The Center Grove robotics club isn’t just for teens who understand engineering or like to build machines — and they can prove it.

Last summer, some of the members of the Red Alert Robotics team were talking about ideas to expand the robotics team. They came up with an idea to write a book about safety while building.

They will print 150 copies of their book, “Ryan the Raccoon and the Terrific Treehouse.” The book depicts a raccoon whose animal friends give him safety tips when building a tree house, such as to wear safety goggles and gloves

Their creation will be in the libraries at Center Grove elementary schools and in local libraries. Teens from competing teams at statewide and international robotics competitions will get copies.

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“We figured when you think of robotics, you think of the robot, but there is this whole business side,” senior Tommy Ramirez said. “We thought a book could easily be done.”

The Red Alert Robotics team has dozens of students who work on a robot, programming it to complete a task set out by STEM educators. They then compete at statewide and national competitions.

Other students have jobs away from the building of the robot, such as marketing and community outreach.

Teens wanted to write a book that could bring awareness of the robotics team.

Building the robot is only one small aspect of being on the robotics team, said students and adult team volunteer Sharon Baxter.

Center Grove’s team has won awards for their community outreach. They have demonstrated their robot in libraries and ran a robot camp.

Their whole goal is to further science, technology and mathematics education overall.

A book fits right into that goal, Baxter said.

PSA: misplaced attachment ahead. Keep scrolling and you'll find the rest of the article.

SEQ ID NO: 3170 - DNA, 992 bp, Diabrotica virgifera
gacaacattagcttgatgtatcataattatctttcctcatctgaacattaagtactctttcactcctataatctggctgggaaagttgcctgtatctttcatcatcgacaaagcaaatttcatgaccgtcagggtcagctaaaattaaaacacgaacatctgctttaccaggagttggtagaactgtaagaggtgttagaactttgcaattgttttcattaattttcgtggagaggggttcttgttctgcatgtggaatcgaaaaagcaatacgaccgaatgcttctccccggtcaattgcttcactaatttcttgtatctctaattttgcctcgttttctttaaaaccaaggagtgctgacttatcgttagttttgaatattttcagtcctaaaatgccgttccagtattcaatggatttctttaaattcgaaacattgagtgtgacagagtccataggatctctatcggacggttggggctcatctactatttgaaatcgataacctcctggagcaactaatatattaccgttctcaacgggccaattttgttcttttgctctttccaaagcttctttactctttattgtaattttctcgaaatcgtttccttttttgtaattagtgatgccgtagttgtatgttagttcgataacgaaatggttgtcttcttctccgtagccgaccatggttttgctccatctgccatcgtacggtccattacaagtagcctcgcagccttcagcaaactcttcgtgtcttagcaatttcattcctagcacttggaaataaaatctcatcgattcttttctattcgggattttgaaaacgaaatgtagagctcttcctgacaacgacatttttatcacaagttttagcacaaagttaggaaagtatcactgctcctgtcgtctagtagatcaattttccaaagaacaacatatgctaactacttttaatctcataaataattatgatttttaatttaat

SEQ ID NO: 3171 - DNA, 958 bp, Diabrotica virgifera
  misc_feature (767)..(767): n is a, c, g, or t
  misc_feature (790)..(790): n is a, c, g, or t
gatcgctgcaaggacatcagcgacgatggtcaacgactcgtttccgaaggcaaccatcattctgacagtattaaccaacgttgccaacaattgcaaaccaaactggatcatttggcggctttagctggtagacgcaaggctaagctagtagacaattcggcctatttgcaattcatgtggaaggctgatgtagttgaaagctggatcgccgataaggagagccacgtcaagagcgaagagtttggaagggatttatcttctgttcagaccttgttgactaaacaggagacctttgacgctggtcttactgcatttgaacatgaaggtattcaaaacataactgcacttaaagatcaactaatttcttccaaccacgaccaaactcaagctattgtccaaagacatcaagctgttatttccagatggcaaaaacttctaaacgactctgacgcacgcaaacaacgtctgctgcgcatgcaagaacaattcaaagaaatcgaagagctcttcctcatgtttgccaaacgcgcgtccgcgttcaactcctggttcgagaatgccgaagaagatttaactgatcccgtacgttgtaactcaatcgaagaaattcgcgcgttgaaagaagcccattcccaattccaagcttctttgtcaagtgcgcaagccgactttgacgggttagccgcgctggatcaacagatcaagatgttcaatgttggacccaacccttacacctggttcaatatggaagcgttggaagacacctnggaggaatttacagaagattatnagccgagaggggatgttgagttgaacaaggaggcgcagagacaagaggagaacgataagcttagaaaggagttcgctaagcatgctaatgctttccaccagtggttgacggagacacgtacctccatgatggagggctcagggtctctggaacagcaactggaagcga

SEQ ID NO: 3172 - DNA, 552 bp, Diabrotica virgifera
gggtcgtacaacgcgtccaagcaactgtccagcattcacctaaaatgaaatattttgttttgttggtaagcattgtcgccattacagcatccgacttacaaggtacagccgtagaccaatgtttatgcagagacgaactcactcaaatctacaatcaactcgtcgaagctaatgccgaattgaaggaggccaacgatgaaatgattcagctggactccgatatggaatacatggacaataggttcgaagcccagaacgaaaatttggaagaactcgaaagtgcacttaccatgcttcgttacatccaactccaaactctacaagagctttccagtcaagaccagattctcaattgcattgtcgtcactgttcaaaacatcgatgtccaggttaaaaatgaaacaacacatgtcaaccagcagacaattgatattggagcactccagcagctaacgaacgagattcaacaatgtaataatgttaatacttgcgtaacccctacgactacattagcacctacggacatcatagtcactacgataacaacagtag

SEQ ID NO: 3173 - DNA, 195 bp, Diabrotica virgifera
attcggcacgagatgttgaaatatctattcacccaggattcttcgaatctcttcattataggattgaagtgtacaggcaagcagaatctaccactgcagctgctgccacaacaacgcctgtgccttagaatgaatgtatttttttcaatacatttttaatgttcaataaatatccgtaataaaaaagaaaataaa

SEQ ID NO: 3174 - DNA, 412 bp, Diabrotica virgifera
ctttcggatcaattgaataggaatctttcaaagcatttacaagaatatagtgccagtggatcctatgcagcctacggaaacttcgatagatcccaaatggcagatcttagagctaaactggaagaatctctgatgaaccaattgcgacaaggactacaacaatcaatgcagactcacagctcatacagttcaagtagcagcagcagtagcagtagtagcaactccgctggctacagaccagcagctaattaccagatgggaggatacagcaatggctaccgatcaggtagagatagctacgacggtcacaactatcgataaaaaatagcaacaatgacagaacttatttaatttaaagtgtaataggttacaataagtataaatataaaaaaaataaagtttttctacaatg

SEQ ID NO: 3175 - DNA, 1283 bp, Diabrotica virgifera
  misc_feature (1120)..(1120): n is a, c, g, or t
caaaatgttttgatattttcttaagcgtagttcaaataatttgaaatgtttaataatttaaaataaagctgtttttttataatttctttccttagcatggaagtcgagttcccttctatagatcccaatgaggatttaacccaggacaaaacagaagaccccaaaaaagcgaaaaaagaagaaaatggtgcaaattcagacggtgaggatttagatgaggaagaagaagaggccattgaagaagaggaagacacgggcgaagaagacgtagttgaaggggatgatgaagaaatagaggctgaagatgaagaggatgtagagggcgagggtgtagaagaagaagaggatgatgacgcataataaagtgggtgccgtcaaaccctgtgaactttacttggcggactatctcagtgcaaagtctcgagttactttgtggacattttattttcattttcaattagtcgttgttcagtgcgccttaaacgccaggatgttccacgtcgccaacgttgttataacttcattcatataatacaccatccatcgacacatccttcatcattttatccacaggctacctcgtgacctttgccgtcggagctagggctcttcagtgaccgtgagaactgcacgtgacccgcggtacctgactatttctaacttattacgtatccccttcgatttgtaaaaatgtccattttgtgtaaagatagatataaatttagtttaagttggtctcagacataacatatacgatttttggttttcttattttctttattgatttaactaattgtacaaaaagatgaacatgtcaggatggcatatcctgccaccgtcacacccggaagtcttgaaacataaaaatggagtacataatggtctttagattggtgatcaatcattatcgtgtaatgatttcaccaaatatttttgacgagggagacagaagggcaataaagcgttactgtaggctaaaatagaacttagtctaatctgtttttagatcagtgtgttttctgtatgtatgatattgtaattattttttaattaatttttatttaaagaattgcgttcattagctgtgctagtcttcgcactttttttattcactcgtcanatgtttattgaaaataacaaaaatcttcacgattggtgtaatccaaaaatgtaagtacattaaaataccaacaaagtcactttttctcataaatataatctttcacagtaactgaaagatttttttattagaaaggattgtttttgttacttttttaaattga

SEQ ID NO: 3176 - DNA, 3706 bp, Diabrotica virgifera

“The book is a way to expand our outreach program,” she said. “We need to increase the importance of STEM in our society.”

Students worked to come up with a plot and decided safety education was a good bet for their target audience of young elementary school students.

Junior Amber Turner began illustrating the story on her tablet, taking about two weeks to draw what the animals should look like and then inputting the drawings in a program.

An online publishing company will print the books for the teens. They opted to pay the $300 out of the club’s budget that comes from member dues, senior Hailey Rose said.

“This is a way that we can reach the community and promote STEM,” she said.

STEM isn’t all about using the scientific method to build a robot, Ramirez said.

Club members have to market the robot, promote the robot and be involved in the community.

The book will show people more interested in art or who have other talents that the club has a place for them, Ramirez said.

“There are so many talents in the club outside engineering,” he said.

When people ask why the robotics team is writing a book, Ramirez said “I always shrug at them and ask why not.”

Students are already planning sequels.

Next year, Ryan Raccoon may have a book about joining Red Alert.

“This book is actually putting (STEM) in the hands of the students,” Baxter said.